# Helix and spiral

Corresponding Wikipedia article: Helicoidal flow

A simple condition of a steady-state vortex follows from the equation ("Vortex", 7): $\mathbf{\overrightarrow{v}}\times curl\,\mathbf{\overrightarrow{v}}=0\tag{1}$ $curl\,\mathbf{\overrightarrow{v}}=k\mathbf{\overrightarrow{v}}\tag{2}$ The flow with such condition looks like a helix (spiral) called the Beltrami or ABC (Arnold-Beltrami-Childress) flow. The helical flow, regardless of the listed authors, was better described in details by Gromeka.

The obvious properties of a helical flow are:

For an uniform helical flow ($$k=const$$), the condition (2) subjected to the curl operator and the known formula of vector analysis becomes: $curl\;curl\,\mathbf{\overrightarrow{v}}=k\;curl\,\mathbf{\overrightarrow{v}}\tag{3}$ $grad\;div\,\mathbf{\overrightarrow{v}}-\Delta\mathbf{\overrightarrow{v}}=k^2\mathbf{\overrightarrow{v}}\tag{4}$ Hence, the Helmholtz wave equation is valid for a steady-state vortex ($$div\,\mathbf{\overrightarrow{v}}=0$$) of the incompressible or barotropic flow: $\boxed{\Delta\mathbf{\overrightarrow{v}}+k^2\mathbf{\overrightarrow{v}}=0}\tag{5}$ This elliptic equation has many solutions, which describe something like a wave with wavenumber $$\approx k$$, which propagates with arbitrary velocity including zero. Such wave is called the soliton.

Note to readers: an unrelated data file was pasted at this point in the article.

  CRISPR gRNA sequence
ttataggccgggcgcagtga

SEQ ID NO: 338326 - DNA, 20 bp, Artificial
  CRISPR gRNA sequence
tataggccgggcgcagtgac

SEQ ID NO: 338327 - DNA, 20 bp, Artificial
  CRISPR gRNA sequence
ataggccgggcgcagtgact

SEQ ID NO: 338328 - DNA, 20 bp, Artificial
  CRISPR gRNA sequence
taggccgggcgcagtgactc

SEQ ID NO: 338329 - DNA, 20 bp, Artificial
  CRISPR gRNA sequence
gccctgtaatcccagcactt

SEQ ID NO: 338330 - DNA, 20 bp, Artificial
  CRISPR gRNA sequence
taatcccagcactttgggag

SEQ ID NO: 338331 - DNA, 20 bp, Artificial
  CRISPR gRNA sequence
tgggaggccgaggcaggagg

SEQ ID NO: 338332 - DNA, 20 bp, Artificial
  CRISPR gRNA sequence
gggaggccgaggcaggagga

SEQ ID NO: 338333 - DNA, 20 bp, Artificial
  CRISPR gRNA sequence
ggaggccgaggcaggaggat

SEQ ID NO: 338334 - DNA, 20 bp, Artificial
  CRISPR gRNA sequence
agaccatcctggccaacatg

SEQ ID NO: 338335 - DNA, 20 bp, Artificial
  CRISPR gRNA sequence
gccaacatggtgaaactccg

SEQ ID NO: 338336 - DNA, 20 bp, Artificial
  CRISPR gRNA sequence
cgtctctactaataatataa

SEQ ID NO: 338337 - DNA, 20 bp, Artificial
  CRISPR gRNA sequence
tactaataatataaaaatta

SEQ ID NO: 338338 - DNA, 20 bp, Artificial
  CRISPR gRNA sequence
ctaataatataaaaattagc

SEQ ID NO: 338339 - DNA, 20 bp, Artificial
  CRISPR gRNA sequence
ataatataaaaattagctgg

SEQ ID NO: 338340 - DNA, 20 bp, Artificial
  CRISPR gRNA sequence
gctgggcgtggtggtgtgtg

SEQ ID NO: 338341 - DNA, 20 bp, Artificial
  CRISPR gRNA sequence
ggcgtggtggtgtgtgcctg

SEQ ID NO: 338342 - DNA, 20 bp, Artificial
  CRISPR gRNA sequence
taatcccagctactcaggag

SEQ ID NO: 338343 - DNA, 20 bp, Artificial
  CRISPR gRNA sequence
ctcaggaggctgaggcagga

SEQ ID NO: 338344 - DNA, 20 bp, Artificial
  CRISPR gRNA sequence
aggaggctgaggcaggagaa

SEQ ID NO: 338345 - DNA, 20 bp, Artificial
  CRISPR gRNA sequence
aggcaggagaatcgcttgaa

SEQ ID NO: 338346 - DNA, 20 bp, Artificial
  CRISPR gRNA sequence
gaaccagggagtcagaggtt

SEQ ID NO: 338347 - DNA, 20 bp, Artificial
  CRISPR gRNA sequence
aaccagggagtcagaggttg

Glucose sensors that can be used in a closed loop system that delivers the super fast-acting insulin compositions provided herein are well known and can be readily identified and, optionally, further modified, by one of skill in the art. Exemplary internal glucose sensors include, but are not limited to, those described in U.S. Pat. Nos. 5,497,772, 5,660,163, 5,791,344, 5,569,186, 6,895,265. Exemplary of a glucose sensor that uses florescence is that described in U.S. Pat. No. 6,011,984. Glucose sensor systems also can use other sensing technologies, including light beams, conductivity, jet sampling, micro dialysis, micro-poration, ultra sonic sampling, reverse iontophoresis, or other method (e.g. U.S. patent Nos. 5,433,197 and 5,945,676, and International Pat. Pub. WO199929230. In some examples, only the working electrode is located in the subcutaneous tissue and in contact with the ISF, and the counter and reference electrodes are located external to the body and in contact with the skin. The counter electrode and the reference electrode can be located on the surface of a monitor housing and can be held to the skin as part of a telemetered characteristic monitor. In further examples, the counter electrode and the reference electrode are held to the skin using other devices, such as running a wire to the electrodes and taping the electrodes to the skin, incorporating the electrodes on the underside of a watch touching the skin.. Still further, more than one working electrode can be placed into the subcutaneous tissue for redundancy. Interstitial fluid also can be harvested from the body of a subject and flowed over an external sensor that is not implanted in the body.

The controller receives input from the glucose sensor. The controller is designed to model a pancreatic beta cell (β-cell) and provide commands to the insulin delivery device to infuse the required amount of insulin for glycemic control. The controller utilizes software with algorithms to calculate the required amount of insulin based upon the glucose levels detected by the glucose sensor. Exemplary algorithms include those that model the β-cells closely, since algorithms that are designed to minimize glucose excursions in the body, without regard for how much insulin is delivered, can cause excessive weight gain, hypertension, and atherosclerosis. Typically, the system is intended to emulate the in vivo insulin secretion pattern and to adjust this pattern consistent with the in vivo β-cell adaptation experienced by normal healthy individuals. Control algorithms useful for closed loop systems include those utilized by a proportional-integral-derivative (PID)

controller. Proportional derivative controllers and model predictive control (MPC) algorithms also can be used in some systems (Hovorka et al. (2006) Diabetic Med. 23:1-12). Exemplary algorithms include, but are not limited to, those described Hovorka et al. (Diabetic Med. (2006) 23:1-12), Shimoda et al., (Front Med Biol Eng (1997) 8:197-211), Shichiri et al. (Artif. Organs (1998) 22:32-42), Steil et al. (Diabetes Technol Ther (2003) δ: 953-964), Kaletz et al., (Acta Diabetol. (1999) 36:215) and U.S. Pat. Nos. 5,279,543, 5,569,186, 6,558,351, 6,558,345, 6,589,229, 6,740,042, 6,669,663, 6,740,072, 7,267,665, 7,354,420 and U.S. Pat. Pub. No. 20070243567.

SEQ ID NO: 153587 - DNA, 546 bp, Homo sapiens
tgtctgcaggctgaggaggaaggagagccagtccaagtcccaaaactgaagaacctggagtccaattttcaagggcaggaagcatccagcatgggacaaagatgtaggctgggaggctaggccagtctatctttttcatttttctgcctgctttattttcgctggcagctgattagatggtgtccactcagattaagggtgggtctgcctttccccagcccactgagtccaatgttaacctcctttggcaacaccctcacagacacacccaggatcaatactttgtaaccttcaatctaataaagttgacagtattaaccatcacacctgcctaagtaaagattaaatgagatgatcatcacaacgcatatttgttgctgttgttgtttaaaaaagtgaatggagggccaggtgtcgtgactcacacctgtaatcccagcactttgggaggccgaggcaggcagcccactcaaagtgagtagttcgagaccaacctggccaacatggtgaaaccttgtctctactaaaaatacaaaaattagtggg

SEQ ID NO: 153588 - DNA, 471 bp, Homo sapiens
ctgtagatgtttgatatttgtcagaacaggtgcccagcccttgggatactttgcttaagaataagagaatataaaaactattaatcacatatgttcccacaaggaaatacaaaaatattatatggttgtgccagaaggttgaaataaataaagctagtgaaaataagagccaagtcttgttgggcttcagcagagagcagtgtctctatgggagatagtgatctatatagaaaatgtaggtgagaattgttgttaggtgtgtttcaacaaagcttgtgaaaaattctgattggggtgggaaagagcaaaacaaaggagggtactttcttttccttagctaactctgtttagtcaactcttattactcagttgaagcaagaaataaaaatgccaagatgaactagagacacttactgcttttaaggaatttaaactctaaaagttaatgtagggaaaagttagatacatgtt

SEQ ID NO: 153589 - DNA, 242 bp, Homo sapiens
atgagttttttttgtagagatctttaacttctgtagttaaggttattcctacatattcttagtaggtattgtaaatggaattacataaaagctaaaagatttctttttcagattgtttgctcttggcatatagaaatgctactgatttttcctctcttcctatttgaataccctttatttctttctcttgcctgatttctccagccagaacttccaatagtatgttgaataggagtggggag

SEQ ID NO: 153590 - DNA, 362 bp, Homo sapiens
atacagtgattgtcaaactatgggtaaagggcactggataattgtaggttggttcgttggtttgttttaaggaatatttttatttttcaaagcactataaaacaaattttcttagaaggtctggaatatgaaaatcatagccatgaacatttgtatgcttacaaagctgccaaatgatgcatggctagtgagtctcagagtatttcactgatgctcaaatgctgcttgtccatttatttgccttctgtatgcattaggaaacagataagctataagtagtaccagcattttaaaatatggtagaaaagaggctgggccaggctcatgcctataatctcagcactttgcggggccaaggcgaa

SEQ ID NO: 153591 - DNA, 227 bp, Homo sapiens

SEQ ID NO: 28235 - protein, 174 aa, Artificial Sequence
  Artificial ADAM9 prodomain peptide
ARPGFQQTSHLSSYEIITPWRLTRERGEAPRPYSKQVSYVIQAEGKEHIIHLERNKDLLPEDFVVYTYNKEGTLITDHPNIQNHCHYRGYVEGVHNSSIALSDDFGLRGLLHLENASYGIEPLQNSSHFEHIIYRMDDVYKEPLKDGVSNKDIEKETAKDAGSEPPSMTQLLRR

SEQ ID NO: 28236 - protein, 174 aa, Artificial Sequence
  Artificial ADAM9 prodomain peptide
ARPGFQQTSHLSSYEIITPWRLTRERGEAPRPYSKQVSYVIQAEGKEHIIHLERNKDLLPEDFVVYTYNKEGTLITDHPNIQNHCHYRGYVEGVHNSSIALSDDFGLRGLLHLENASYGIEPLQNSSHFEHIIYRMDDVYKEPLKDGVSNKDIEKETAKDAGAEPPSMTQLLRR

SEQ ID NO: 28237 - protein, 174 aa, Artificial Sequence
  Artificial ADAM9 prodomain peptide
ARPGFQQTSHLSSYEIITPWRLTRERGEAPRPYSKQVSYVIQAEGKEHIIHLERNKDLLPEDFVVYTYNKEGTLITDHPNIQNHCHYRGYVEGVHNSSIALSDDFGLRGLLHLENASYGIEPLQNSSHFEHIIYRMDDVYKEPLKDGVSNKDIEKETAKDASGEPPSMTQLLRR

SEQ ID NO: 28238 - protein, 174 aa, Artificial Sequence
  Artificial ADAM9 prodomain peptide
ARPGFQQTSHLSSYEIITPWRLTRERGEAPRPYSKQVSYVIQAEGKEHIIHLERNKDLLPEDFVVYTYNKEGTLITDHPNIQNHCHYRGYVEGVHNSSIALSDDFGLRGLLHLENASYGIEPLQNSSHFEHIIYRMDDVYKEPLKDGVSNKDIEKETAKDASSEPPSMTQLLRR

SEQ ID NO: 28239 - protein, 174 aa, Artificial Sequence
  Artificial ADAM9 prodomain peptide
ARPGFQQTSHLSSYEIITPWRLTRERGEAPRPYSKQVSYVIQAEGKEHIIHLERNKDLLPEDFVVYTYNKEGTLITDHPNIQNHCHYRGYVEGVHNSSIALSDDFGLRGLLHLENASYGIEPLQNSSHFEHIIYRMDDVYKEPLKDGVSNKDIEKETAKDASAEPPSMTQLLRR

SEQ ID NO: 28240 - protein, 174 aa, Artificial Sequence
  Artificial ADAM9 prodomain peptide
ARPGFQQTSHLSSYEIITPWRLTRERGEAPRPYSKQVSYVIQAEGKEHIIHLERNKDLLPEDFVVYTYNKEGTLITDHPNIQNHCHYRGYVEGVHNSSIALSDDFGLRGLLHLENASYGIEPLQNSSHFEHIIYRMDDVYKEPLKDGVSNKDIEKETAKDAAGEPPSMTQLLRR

For a helical flow along one axis, Gromeka had found a simple solution in the cylindrical coordinates $$(r,\theta,z)$$: $v_r=0$ $v_\theta=CJ_1(kr)$ $v_z=CJ_0(kr)$ where $$C$$ is a constant, which depends on the fluid discharge;
$$J_0, J_1$$ is the Bessel functions of 1st kind.

The given example shows that the flow velocity not only decreases with distance from the vortex axis, but it can also change own direction.

The Ranque-Hilsch tube shows the effect of the direction change. The fast cold air is directed to one side from the vortex center, and the slow hot air to the opposite direction from the vortex periphery.

The optimal twisting angle can minimize the flow velocity at the pipe walls, reducing the friction loss. Here are the examples:

• Flow twisting in the aorta reduces the heart workload.
• Helicoid, a helical profile pipe with the minimum flow resistance, which repeats the river bed shape, as the inventor V. Schauberger explains.